Matt Diggity:

About how long were your articles? I get this question a lot. Were you using pages or posts for your ranking content?

Ivan Gordiyenko:

I was using posts. My content was usually between 1,200 words to say 1,500 words. It wasn’t super long, but I think it was a decent amount in terms of words.

Matt Diggity:

Right. Did you have the blog feed for your home page, so the posts were coming up there over time?

Ivan Gordiyenko:

Yes. Yes.

Matt Diggity:

Okay, cool. Thanks for clarifying on that. I get this question a lot. Should I make my home page a page or a post? Different size fits for every category and obviously, you were able to pull off a very big win going with the posts on front. For some people, they might want to go with the pages on front. There’s no one size fits all for sure.

Ivan Gordiyenko:

Yeah, I agree, man.

Matt Diggity:

How often would you make a new post?

Ivan Gordiyenko:

I wanted to actually push out all the content as fast as I could. For a while, I was doing like five pieces of content a week, if not more. After things started to – as I started to get tired of writing stuff, I kind of just made about five pieces every month. Five pieces of content a month.

Matt Diggity:

Yeah, fair enough. You’re a beast, dude. You’re turning out the content. How about siloing? Did you apply any interlinking strategies? Linking together pages, funneling around link juice.

Ivan Gordiyenko:

Yeah, man. I kind of started doing siloing after a few months the site had been running. I just kind of opened up a notepad and I wrote down all the posts and stuff like that. Then I kind of put three, four, to five related posts that were related to that one post. Then I kind of went into things like that. I didn’t make the perfect silos, but I think that interlinking helped my rankings. I strongly believe that. I read your SEO guide, on page SEO guide. That’s pretty much how I implemented everything.

Matt Diggity:

Oh, cool. Yeah, I mean it’s basic stuff and if you just shuffle around the link juice to the most important pages. Even if you go full blast out – as it sounds like you did – just fine anything related to anything and get the link juice flowing everywhere, you’ll see major benefits. I’m sure you saw the same, right?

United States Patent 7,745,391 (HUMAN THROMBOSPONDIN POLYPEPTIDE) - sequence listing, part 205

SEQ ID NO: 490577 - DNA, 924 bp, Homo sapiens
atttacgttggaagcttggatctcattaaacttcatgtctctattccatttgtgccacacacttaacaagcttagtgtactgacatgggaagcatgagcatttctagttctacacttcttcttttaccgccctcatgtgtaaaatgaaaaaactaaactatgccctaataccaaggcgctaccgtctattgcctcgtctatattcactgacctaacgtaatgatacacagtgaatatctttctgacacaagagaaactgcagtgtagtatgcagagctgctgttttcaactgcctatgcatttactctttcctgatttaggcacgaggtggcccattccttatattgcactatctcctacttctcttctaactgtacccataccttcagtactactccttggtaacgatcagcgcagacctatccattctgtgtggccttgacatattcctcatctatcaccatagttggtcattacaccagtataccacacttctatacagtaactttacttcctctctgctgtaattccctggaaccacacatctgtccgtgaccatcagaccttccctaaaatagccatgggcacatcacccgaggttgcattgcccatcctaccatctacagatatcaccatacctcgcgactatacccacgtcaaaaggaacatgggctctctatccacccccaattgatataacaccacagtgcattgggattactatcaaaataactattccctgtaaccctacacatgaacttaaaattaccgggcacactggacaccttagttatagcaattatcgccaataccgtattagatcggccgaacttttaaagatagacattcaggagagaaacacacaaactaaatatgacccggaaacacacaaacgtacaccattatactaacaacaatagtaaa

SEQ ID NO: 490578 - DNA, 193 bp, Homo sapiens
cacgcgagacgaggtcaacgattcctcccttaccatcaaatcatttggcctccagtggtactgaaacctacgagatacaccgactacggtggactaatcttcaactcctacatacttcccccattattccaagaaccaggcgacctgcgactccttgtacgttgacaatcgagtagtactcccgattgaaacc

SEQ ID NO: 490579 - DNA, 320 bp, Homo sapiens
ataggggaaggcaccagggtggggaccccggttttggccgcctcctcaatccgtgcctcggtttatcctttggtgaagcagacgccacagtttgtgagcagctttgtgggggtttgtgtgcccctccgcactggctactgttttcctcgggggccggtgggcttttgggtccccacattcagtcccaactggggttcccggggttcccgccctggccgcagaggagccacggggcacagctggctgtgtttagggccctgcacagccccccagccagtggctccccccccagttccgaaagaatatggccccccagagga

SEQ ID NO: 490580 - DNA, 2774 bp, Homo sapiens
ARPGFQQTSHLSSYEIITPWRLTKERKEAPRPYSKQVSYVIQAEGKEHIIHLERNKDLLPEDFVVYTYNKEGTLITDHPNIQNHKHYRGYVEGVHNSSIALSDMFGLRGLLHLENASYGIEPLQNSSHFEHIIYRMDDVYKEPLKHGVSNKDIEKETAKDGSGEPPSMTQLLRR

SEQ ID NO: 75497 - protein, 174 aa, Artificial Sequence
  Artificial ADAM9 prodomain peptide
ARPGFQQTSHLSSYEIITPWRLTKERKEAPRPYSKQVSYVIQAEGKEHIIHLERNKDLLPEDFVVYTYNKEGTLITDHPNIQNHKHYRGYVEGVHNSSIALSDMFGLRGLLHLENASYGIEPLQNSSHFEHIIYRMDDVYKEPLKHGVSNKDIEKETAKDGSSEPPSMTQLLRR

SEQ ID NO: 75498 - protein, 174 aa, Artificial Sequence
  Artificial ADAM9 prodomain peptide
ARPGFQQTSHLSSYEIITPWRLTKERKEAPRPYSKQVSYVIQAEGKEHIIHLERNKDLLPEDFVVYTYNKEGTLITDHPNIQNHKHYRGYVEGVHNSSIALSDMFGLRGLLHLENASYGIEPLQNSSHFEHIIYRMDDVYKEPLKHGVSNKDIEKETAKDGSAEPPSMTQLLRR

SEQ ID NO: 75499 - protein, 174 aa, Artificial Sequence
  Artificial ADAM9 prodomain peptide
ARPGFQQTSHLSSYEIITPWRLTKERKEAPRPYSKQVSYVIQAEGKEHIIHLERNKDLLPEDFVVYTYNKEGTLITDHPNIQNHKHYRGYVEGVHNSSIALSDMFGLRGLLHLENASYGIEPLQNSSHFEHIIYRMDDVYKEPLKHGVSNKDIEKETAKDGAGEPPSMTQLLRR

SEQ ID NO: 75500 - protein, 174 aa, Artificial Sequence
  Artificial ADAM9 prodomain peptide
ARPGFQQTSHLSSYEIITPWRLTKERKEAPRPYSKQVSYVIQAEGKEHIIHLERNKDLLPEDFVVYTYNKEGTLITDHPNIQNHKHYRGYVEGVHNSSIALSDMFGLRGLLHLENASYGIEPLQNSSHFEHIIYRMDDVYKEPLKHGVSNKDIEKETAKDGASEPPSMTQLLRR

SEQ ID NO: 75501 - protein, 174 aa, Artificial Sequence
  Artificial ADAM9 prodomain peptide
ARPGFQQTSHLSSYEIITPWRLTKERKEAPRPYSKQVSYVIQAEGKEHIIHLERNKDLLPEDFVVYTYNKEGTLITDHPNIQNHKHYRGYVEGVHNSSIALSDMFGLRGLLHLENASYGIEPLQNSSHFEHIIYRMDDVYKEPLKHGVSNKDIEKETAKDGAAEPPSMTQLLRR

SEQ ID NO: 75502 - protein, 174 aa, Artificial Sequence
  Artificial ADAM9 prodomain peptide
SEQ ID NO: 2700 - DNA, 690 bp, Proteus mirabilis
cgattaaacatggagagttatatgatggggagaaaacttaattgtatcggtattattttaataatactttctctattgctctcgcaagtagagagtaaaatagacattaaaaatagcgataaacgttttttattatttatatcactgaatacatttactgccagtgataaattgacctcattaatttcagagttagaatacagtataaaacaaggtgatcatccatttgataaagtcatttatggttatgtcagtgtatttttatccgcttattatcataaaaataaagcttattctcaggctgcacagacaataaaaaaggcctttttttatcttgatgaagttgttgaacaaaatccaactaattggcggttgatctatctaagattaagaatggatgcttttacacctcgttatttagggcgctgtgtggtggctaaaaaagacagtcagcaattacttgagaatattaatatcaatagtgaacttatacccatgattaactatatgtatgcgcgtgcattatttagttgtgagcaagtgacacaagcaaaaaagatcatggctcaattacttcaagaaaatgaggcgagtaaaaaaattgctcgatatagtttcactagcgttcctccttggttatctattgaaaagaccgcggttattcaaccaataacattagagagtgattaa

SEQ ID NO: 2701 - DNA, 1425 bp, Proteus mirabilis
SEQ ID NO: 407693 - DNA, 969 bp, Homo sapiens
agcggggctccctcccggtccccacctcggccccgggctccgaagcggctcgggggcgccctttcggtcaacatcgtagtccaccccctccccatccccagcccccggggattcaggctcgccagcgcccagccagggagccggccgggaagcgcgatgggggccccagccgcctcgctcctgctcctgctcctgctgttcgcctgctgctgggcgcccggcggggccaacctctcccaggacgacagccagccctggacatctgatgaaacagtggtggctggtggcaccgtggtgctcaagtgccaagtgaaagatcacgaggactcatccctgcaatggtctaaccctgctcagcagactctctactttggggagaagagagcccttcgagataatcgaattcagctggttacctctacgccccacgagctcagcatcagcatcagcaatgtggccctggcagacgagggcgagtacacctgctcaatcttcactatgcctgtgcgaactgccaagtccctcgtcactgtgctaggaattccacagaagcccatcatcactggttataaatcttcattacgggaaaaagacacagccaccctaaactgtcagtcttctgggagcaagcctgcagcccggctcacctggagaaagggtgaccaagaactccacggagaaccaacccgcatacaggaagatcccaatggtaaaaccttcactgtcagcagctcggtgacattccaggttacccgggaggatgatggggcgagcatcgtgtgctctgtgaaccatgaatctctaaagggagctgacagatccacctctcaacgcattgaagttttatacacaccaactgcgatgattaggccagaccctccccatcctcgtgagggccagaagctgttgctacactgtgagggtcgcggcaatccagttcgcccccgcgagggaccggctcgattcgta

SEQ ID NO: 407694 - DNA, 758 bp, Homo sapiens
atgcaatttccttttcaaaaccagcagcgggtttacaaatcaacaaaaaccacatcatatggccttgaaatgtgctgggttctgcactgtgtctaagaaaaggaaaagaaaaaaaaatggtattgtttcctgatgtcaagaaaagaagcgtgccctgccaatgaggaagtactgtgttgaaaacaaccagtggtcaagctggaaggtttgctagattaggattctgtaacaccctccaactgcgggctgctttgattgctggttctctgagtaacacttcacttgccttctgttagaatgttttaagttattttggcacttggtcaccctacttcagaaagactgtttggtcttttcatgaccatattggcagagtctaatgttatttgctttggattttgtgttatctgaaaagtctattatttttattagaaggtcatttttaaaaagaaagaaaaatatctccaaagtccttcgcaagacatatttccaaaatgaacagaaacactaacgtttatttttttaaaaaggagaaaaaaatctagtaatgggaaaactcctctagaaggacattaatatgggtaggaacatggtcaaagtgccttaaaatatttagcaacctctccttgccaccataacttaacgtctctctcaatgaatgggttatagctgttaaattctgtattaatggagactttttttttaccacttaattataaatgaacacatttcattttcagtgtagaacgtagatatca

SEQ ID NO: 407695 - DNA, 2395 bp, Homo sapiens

Ivan Gordiyenko:

Yeah, definitely. I mean, I think one of the things that kind of prove that was out of all the content I had on the site before I sold it, maybe ten or 11 posts out of those were getting some serious link juice. Everything else had no links whatsoever. Yet, a whole bunch of other posts that had no links, were ranking really, really well. I think the interlinking and stuff like that played a big role.

Matt Diggity:

Dude, that’s evidence right there. I mean, there’s no reason a page would rank unless it had inter link juice flowing to it.

Ivan Gordiyenko:

Exactly, man.

Matt Diggity:

Nailed it. Can you share any other on site SEO tips or golden nuggets that you’ve uncovered through this project?

Ivan Gordiyenko:

Sure. I’m trying to think. Interlinking, that’s super crucial. You said the same thing. Let’s see. Being able to actually have like I said, an on page – oh, here it is. You mentioned this too, but I fixed this with my site because I realized I way over-optimized my site. For a while, I had one or two word phrases, like 10 to 15% out of the whole article. I went in there and I fixed that. I believe that actually did improve my rankings. There were a few times where after I did some changes, like a month or two later, my traffic just went skyrocketing up. I think that had to do a lot with it. I went back there and checked what my ratio was for the single or two word phrases. They were just really, really high. When I fixed that for a lot of them, I saw some changes for sure within a month or two.

Matt Diggity:

Yeah. Nice, man. Keyword density – you’re talking about keyword density, right?

Ivan Gordiyenko:

Yeah, exactly.

Matt Diggity:

I mean, I take on a lot of projects myself from doing Launchpad and one of the best things we try to look for is a high keyword density because you change that stuff, it’s almost a guaranteed improvement in a couple of weeks. Glad you found that one out.

Ivan Gordiyenko:

Yeah, for sure. Also, if you read something or write something. It’s not until you go over the content again and you say for instance, you do the whole CTRL+F and then find a single word throughout the article, and you see just how many times it is in a single paragraph. Then you’re going to see, holy crap. You’re reading it – I didn’t notice it too much. When I highlight all the words in the article, you just see how densely packed it. You know what I’m saying?

Matt Diggity:

For sure. I get it all the time. Cool, man. Let’s move on to offsite SEO. One of the most questions I get without related to offsite SEO, is what are the first links that I send to my site? I’ve got the same question for you. What were the first links you sent to this site?

Ivan Gordiyenko:

Back then when I started to actually do hardcore SEO to the site, which was December 2015 – this was when I started finding out about the signals, authority stack, etcetera. That’s pretty much what I made my goal to do. Send some domain authority stacks to the site. I used Source Market for that. Then I also started sending some signals to various URL’s. Then after that I did a press release and even some local citations. Most of the things I sent to the homepage, a few of those I sent primarily the domain authority stacks. I sent a few of those to the main guides or posts that I had on the site. I did that for the first two months.

Matt Diggity:

Okay. I’m just going to save myself the effort later. I’m going to get about 1,000 messages about what source market gig you used for DA Stacking, so can I get that from you later?

Ivan Gordiyenko:

Yeah, sure man.  (Here it is)

Matt Diggity: